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Around half of nurses and midwives report workplace aggression in the past month: 36% report violence from patients or visitors and 32% report bullying by colleagues
  1. Marie Hutchinson
  1. Southern Cross University, Lismore, New South Wales, Australia
  1. Correspondence to: Dr Marie Hutchinson
    Southern Cross University, PO Box 157, Lismore, New South Wales 2480, Australia; marie.hutchinson{at}

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Commentary on: Farrell GA, Shafiei T. Workplace aggression, including bullying in nursing and midwifery: a descriptive survey (the SWAB study). Int J Nurs Stud 2012;49:1423–31.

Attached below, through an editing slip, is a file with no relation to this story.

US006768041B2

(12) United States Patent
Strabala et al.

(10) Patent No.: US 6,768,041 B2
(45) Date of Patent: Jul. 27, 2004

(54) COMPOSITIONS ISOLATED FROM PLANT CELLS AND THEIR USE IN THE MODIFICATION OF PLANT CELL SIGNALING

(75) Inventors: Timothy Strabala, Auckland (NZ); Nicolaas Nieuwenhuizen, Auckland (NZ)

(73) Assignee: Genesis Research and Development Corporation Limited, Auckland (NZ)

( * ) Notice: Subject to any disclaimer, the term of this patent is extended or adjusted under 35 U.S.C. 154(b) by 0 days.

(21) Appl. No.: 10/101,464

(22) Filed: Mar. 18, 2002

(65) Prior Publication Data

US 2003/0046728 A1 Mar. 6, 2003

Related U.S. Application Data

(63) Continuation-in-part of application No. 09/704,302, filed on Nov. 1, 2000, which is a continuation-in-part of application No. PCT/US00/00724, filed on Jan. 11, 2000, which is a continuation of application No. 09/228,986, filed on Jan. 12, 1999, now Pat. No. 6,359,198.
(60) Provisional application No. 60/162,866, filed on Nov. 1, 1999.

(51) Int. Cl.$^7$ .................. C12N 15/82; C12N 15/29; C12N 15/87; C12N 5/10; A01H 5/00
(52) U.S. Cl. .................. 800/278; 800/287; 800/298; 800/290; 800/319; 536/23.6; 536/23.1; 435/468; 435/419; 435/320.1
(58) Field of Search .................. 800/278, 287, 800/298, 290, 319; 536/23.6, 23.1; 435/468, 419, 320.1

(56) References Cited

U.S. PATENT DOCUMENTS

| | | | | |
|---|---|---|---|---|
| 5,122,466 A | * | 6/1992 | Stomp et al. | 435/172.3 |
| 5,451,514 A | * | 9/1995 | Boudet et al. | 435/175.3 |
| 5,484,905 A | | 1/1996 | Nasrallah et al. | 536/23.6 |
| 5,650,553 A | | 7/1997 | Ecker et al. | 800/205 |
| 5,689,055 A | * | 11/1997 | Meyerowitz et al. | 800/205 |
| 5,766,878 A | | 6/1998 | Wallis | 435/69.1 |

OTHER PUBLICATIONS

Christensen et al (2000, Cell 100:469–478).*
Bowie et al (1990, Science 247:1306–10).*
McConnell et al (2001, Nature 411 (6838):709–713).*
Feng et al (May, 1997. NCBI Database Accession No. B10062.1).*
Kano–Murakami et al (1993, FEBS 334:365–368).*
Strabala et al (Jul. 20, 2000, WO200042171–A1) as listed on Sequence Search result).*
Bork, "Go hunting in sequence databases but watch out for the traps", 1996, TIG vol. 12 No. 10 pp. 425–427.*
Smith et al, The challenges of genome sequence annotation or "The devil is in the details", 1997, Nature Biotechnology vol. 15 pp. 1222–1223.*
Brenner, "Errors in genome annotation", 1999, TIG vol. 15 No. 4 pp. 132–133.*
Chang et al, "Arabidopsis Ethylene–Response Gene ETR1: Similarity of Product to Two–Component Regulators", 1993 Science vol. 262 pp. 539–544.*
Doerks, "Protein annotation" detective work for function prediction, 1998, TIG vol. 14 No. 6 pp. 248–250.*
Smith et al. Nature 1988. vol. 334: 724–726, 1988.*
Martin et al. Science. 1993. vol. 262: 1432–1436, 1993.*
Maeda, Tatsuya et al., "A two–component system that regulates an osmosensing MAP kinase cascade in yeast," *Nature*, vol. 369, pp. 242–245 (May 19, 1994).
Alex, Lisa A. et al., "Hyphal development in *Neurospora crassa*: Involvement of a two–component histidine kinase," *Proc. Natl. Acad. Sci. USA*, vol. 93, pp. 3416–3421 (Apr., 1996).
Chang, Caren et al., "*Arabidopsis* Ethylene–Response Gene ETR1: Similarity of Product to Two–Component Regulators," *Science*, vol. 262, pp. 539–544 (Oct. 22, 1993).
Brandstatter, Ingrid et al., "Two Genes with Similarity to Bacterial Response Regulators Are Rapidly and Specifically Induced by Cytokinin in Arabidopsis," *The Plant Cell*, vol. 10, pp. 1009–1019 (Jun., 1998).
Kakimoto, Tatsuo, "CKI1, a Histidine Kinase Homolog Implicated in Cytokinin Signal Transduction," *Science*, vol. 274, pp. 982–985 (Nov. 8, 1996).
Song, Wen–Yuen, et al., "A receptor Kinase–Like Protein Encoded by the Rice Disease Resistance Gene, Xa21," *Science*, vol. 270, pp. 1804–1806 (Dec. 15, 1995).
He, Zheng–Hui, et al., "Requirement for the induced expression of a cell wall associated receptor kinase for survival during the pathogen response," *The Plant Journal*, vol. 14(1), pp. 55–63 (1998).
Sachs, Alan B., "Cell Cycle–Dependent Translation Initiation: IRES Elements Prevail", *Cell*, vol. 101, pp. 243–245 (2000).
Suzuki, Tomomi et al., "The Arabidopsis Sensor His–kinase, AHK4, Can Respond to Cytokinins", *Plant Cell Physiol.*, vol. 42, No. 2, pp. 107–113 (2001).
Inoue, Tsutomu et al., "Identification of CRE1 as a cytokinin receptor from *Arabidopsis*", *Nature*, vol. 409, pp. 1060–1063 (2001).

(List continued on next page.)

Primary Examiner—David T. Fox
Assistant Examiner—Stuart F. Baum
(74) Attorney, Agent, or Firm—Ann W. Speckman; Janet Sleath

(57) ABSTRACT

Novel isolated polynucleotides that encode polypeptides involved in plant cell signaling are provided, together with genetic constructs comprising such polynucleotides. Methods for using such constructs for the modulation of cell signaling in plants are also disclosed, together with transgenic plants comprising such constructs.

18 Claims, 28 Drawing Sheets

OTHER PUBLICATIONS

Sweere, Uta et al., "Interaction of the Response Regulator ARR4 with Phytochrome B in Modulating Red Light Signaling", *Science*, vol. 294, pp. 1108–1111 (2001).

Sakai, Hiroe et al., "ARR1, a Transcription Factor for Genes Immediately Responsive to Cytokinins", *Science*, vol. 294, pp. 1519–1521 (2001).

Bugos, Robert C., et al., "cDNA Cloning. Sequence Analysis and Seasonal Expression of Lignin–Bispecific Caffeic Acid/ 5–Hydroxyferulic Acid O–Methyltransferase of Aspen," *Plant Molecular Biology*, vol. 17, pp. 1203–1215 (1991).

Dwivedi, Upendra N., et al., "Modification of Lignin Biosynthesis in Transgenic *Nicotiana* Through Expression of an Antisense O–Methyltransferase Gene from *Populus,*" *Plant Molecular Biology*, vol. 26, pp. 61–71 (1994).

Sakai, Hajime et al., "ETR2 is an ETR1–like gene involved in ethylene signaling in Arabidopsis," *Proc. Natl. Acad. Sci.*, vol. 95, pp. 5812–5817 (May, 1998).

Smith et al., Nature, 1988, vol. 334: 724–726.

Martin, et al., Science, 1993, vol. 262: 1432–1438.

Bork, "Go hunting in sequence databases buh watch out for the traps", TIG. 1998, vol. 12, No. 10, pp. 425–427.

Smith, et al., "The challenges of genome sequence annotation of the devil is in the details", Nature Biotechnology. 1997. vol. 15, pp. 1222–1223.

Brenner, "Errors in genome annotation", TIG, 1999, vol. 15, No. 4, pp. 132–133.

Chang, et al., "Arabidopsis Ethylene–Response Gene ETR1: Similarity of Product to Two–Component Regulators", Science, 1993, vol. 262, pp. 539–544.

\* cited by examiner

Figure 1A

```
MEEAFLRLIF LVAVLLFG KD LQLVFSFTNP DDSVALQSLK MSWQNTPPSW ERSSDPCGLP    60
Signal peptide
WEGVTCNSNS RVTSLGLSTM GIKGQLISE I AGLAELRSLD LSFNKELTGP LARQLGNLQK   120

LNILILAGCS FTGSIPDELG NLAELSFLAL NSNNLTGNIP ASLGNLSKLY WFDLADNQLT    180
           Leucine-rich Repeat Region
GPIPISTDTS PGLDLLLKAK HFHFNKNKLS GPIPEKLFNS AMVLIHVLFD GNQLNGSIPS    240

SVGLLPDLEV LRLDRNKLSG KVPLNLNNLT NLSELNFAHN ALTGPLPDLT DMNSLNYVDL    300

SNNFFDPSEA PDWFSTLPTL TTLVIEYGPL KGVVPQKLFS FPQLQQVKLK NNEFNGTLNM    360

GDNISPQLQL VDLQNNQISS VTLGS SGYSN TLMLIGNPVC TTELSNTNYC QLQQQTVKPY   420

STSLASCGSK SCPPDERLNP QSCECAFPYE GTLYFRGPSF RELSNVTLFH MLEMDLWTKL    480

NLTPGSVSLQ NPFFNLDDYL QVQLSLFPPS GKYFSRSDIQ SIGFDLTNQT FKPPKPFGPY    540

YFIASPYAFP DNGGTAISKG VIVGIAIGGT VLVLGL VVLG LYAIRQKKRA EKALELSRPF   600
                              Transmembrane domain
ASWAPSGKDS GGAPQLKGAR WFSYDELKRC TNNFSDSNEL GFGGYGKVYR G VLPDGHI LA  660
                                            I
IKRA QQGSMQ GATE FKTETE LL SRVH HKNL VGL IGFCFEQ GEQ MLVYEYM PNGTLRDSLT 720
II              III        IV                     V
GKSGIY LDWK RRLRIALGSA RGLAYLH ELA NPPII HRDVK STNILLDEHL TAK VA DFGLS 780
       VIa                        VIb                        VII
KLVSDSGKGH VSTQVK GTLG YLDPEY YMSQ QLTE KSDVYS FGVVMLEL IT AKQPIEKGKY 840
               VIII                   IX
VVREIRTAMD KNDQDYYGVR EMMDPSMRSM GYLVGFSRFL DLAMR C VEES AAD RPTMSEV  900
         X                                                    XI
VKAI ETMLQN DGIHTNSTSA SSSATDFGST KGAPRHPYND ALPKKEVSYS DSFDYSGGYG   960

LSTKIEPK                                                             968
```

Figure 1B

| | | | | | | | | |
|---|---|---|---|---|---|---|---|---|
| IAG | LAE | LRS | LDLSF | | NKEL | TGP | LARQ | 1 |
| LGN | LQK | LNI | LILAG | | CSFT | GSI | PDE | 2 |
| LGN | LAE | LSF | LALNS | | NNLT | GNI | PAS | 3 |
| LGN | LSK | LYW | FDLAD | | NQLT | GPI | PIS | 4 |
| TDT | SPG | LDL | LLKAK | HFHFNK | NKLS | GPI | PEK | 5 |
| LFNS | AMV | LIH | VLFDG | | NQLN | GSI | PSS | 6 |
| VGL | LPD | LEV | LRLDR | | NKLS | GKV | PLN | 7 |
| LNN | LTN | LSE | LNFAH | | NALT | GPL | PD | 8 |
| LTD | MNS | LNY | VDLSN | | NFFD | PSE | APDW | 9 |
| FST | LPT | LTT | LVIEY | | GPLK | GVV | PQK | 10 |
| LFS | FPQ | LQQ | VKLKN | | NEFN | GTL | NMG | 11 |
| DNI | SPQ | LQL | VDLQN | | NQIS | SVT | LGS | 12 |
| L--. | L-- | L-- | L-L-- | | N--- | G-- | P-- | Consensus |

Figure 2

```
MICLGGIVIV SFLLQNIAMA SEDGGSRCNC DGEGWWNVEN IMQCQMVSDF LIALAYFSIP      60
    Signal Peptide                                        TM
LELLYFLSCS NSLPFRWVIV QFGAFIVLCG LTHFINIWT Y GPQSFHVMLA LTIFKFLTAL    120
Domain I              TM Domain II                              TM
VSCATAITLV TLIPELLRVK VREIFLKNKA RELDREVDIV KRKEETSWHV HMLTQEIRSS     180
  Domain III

Implications for practice and research

  • Interventions are needed to help work teams recognise the signs of bullying and take steps to address the behaviour.

  • Continued attention is required to address organisational responses and protective systems for occupational violence (OV) and workplace bullying (WB).

  • Further research is required with nurses exposed to OV and WB to establish the efficacy of intervention programmes and nurses satisfaction with these programmes.


Workplace violence in its various forms is an issue of major concern to nursing. Over the course of their working life, few nurses escape this violence, and many are vulnerable to harm or injury stemming from exposure.1 Though a growing body of research has drawn attention to the many forms of violence and aggression experienced by nurses, there is …

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  • Competing interests None.